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Accounting, paper shadows and the stigmatised poor


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  • Walker, Stephen P.
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    The social implications of accounting are explored through an historical study of spoiled identities in state welfare systems. The processing, recording, classification and communication inherent in the accounting practices deployed in such systems have the potential to (re)construct identities, inform perceptions of self and impact on the social relationships of the welfare claimant. The paper examines these potentialities through an investigation of the accounting regime attending the system of poor relief in Victorian England and Wales. Informed primarily by the work of Goffman it is suggested that accounting processes comprised degradation ceremonies which compounded the stigmatisation of the recipient of relief, accounting classifications served to inscribe existing and create additional spoiled identities of the pauper, and individualized forms of accounting disclosure compromised the management of stigma by the poor.

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    Article provided by Elsevier in its journal Accounting, Organizations and Society.

    Volume (Year): 33 (2008)
    Issue (Month): 4-5 ()
    Pages: 453-487

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    Handle: RePEc:eee:aosoci:v:33:y:2008:i:4-5:p:453-487

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    1. Volinn, Ilse J., 1989. "Issues of definitions and their implications: AIDS and leprosy," Social Science & Medicine, Elsevier, Elsevier, vol. 29(10), pages 1157-1162, January.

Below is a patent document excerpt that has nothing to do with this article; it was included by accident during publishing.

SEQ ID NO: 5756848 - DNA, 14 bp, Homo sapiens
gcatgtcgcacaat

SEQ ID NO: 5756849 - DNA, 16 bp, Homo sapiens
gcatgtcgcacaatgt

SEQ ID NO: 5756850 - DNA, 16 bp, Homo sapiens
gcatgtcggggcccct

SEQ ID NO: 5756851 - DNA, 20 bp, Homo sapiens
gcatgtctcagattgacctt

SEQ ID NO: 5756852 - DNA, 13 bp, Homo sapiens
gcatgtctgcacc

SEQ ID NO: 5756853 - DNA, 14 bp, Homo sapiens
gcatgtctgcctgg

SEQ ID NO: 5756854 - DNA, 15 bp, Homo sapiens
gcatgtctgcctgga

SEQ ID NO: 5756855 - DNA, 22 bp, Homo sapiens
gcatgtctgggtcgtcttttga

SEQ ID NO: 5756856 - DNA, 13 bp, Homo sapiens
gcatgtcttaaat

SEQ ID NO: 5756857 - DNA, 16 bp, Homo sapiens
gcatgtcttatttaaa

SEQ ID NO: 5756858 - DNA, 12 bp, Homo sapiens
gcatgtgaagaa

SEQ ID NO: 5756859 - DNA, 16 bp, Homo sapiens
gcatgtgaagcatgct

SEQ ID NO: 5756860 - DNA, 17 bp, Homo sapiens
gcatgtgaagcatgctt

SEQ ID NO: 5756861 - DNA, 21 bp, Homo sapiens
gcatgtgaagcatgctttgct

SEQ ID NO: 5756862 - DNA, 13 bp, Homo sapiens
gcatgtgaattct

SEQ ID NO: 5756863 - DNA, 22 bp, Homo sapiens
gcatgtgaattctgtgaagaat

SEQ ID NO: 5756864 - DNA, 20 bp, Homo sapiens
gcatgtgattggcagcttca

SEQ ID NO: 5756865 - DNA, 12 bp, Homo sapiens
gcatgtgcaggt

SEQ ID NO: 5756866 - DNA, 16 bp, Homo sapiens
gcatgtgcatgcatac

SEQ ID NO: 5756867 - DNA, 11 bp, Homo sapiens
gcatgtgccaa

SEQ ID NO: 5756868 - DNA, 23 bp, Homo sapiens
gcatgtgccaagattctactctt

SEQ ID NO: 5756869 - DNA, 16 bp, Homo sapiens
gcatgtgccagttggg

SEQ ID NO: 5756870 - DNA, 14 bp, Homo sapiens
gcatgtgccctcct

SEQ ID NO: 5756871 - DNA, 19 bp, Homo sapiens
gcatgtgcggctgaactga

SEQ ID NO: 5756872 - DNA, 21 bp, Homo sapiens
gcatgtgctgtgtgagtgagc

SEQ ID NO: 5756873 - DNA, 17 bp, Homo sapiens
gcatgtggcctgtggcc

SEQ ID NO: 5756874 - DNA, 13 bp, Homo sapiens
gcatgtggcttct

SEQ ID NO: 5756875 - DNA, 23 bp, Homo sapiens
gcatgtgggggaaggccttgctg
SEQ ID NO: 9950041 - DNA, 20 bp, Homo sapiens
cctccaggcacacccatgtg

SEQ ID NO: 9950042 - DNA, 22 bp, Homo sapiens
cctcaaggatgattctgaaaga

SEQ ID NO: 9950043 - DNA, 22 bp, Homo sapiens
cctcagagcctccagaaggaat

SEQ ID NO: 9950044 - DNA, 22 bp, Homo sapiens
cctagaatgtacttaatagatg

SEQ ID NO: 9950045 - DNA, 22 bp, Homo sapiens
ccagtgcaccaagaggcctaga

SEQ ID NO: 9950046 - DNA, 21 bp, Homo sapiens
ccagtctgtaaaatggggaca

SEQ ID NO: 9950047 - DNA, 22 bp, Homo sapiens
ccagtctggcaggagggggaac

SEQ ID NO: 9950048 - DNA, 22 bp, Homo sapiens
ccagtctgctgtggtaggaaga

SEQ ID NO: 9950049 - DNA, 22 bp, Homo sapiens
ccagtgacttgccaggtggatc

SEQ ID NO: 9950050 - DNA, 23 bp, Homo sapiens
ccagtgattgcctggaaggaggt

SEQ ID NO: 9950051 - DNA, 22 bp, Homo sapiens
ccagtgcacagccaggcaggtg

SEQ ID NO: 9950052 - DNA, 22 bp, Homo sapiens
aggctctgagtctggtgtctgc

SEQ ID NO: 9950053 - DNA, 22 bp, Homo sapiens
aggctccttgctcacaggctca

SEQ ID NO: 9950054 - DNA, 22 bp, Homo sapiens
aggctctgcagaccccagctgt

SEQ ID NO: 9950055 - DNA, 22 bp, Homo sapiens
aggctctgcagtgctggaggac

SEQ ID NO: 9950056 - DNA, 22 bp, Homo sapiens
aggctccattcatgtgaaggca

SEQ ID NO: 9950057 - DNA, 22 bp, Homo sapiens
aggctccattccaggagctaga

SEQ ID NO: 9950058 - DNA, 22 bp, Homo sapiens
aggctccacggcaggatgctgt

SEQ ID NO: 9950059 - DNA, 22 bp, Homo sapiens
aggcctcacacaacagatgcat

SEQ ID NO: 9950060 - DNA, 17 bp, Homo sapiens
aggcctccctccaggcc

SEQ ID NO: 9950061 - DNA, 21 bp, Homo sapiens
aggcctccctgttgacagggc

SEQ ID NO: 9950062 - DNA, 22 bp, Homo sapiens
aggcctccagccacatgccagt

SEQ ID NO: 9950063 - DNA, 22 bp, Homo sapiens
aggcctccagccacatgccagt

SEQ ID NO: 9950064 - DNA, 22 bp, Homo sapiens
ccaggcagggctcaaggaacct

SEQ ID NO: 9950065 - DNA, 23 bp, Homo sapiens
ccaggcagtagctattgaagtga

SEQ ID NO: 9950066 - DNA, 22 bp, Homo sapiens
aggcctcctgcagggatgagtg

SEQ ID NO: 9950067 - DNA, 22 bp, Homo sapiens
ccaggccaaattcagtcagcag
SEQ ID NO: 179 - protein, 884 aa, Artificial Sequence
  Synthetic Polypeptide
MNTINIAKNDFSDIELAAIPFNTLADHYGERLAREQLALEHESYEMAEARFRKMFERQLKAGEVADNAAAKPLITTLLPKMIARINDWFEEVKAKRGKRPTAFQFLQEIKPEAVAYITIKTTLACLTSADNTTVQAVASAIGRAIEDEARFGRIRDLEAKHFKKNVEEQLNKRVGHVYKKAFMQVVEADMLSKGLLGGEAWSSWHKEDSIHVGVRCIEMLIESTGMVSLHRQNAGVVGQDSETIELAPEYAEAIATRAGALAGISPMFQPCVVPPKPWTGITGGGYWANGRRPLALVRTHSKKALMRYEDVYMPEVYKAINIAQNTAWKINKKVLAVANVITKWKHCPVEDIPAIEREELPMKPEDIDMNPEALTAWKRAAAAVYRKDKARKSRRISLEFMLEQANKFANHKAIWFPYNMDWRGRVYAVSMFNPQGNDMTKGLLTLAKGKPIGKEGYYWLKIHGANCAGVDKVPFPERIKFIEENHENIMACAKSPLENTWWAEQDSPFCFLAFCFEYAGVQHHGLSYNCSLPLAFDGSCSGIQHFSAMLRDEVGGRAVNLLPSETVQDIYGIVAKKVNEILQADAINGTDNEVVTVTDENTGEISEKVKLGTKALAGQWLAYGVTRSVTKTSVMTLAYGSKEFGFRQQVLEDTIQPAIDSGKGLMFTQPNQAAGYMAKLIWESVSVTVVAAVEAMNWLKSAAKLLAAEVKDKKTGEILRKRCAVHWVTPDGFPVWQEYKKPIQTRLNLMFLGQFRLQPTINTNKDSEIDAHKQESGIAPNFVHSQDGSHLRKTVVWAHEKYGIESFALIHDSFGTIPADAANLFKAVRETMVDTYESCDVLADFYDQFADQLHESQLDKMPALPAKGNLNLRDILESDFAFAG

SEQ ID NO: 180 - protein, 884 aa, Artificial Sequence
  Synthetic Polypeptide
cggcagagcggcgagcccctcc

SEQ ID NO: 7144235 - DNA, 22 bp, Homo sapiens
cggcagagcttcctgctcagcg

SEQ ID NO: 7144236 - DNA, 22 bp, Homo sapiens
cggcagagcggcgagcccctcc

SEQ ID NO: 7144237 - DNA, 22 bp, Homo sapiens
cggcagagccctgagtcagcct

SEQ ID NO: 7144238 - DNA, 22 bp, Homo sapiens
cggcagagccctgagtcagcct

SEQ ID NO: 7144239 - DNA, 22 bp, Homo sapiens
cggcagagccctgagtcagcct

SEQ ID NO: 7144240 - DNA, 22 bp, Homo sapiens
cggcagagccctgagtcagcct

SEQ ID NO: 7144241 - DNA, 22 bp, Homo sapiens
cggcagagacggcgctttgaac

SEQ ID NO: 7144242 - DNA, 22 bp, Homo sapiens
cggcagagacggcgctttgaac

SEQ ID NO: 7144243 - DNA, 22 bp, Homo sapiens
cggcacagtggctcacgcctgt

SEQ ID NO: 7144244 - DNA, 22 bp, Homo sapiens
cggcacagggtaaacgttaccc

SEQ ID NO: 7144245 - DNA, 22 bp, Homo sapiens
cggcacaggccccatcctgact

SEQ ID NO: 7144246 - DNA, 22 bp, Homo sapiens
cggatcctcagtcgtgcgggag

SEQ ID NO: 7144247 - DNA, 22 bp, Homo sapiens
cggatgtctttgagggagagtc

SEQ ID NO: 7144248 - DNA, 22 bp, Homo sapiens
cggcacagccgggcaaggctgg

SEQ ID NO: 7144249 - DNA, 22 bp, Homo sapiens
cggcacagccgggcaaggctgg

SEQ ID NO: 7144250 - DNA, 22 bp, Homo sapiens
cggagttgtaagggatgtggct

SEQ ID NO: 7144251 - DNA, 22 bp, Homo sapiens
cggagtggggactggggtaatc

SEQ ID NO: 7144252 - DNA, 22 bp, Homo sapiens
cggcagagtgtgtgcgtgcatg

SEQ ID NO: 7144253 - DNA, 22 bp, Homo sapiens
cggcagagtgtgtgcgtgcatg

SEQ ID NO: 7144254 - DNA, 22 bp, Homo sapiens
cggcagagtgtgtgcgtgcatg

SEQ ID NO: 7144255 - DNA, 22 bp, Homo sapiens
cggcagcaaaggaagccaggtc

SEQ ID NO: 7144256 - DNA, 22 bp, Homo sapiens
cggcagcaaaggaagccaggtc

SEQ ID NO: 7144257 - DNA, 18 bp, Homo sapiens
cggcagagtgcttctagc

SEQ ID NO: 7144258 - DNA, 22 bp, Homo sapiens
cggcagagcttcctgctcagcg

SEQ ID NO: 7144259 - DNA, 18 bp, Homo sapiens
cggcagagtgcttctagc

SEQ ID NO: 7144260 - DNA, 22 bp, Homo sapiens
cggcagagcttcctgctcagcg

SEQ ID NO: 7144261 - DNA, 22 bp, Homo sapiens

2. Peter Miller, 1998. "The margins of accounting," European Accounting Review, Taylor & Francis Journals, Taylor & Francis Journals, vol. 7(4), pages 605-621.
    3. Walker, Stephen P., 2004. "Expense, social and moral control. Accounting and the administration of the old poor law in England and Wales," Journal of Accounting and Public Policy, Elsevier, Elsevier, vol. 23(2), pages 85-127.
    4. Burchell, Stuart & Clubb, Colin & Hopwood, Anthony & Hughes, John & Nahapiet, Janine, 1980. "The roles of accounting in organizations and society," Accounting, Organizations and Society, Elsevier, Elsevier, vol. 5(1), pages 5-27, January.
    5. Boyer,George R., 1990. "An Economic History of the English Poor Law, 1750–1850," Cambridge Books, Cambridge University Press, Cambridge University Press, number 9780521364799.
    6. Miller, Peter, 1990. "On the interrelations between accounting and the state," Accounting, Organizations and Society, Elsevier, Elsevier, vol. 15(4), pages 315-338.
    7. Hopwood, Anthony G., 1994. "Accounting and everyday life: An introduction," Accounting, Organizations and Society, Elsevier, Elsevier, vol. 19(3), pages 299-301, April.
    8. Miller, Peter & Napier, Christopher, 1993. "Genealogies of calculation," Accounting, Organizations and Society, Elsevier, Elsevier, vol. 18(7-8), pages 631-647.
    9. Neu, Dean & Wright, Michael, 1992. "Bank failures, stigma management and the accounting establishment," Accounting, Organizations and Society, Elsevier, Elsevier, vol. 17(7), pages 645-665, October.
    10. Hopwood, Anthony G., 1985. "The tale of a committee that never reported: Disagreements on intertwining accounting with the social," Accounting, Organizations and Society, Elsevier, Elsevier, vol. 10(3), pages 361-377, July.
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    Cited by:
    1. O'Regan, Philip, 2010. "'A dense mass of petty accountability': Accounting in the service of cultural imperialism during the Irish Famine, 1846-1847," Accounting, Organizations and Society, Elsevier, Elsevier, vol. 35(4), pages 416-430, May.
    2. Covaleski, Mark A. & Dirsmith, Mark W. & Weiss, Jane M., 2013. "The social construction, challenge and transformation of a budgetary regime: The endogenization of welfare regulation by institutional entrepreneurs," Accounting, Organizations and Society, Elsevier, Elsevier, vol. 38(5), pages 333-364.


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